In this class of lever the force on the surface of the workpiece is always less than the force put in i.e. by tightening the bolt. As the bolt moves near the fulcrum the output force, that is, the clamping force is dramatically reduced. Therefore the bolt is always placed as close to the point where the clamp touches the workpiece. This means the clamp would, usually, clamp the workpiece near one of its edges and the bolt/stud would be as near the clamping point as possible.
Where the clamp touches the workpiece it must never slope upwards towards the clamping point. There are two reasons for this. Firstly, if it slopes upwards then if the workpiece moves the grip of the clamp is lessened and then, of course, nothing is holding it at all. Secondly, the shallower the angle the greater the area of contact. Of course the force holding the workpiece is the same whatever the area and so the resistance to sliding sideways is the same regardless of the area. The resistance to rotating is greater but, as will be seen, other methods are used to stop this. The risk of marking or distorting the workpiece is reduced.
Since the clamp must never slope upwards and since it is seldom going to be perfectly horizontal it means it has to slope slightly downwards towards the workpiece.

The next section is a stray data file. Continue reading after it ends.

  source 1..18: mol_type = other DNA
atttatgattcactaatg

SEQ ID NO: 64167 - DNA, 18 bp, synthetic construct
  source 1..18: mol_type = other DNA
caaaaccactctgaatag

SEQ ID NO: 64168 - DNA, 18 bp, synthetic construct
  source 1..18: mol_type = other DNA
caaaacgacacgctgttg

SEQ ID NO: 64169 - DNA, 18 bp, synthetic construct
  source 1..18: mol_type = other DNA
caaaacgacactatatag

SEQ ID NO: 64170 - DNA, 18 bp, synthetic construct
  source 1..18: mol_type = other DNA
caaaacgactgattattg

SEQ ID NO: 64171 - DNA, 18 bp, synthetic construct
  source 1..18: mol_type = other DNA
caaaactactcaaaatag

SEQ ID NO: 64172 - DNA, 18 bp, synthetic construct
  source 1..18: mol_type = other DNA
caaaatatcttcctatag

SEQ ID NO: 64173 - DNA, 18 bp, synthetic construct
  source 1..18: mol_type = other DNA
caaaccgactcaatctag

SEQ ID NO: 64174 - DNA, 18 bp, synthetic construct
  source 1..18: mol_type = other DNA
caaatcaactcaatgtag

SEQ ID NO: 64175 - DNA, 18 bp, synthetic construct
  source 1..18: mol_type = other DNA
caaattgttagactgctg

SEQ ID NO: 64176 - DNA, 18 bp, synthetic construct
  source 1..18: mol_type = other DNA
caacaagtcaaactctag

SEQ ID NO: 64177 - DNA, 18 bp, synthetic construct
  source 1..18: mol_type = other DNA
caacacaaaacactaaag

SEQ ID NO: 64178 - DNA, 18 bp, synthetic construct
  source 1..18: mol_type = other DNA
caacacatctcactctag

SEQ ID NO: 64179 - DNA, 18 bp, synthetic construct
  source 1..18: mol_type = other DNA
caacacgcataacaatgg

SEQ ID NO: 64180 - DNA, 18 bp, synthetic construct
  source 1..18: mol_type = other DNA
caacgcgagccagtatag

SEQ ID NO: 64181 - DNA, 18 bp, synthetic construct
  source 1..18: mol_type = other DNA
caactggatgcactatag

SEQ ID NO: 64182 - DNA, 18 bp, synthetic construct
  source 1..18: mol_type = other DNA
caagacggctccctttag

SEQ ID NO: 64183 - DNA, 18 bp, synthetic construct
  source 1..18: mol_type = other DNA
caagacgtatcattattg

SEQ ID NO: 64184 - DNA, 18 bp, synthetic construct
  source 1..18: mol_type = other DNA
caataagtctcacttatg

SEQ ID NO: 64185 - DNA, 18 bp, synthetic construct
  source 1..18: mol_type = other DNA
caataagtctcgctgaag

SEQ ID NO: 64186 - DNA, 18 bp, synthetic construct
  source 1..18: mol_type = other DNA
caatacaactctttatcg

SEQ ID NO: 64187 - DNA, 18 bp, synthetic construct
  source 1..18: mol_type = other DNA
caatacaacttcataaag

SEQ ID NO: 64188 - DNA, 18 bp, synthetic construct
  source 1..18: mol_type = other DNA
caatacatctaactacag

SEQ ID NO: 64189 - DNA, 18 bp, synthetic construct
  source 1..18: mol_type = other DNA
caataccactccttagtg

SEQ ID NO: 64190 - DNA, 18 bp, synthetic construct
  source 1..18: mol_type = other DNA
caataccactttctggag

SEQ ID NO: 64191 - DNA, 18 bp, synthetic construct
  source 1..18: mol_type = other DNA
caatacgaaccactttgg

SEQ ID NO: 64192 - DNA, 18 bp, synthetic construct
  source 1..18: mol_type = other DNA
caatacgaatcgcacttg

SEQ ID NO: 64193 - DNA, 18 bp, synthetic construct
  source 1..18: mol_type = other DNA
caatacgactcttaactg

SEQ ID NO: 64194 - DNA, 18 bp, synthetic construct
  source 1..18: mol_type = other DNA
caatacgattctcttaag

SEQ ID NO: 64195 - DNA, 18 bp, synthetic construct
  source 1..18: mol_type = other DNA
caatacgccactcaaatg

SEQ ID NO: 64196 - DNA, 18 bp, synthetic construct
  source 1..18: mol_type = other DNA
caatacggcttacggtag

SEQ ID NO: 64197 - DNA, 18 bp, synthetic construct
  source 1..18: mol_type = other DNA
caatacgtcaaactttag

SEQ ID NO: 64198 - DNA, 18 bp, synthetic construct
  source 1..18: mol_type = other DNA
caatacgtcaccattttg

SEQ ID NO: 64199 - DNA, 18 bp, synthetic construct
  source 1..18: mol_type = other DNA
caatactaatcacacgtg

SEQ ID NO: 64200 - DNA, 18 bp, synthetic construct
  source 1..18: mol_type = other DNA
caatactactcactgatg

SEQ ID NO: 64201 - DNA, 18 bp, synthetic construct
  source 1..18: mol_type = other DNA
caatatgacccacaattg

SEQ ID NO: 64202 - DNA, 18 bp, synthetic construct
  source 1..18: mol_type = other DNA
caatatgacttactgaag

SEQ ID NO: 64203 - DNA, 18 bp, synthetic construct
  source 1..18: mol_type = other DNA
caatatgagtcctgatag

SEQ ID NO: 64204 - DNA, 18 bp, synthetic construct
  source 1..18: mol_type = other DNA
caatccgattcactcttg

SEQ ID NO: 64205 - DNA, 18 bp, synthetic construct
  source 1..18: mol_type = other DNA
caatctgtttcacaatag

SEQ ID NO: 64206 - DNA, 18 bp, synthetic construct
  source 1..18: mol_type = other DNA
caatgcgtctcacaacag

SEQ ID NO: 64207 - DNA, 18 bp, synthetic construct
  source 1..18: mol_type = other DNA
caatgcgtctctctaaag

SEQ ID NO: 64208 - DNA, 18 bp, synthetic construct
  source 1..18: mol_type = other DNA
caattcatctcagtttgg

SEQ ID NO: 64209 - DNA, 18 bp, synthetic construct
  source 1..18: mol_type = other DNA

The number of clamps necessary
In general, if nothing else is being used to hold the workpiece, then, to prevent any possible rotation of the workpiece, two clamps, or the equivalent, are the minimum necessary to hold the workpiece when milling. Clearly if both were clamped near the same point the risk of rotation is high – generally, the further apart the two clamping points, the lower the risk of rotation.
Types of clamp
A clamp can either be flat or bent. If it is flat, for the reason given above, the height of the fulcrum will be slightly higher than the point of contact with the workpiece. Alternatively if the clamp is bent in a suitable way the fulcrum can be the milling table.
If the end of a flat clamp is shaped as shown then the angle at which the clamp can act upon the workpiece and still make a good contact is dramatically increased.
Fig. 215 – bent clamp
If the clamps are swan’s neck type then a single clamp will fit a fair difference in thickness of the workpiece. With clamps of this sort one end exerts pressure directly on the milling table. It is essential that it has some means of distributing the pressure over a small area to avoid damaging the table.
Fig. 216 – clamp with means of pressure distribution
The most flexible cost effective type of clamp is the flat sort, which is design to be used with a stepped block.
The stepped blocks can only be used with a clamp that has a similarly stepped end to it.
If these clamps are bought they are usually hardened. If it is necessary to machine them, for example, to make the slot wider, they can be machined by using carbide inserts.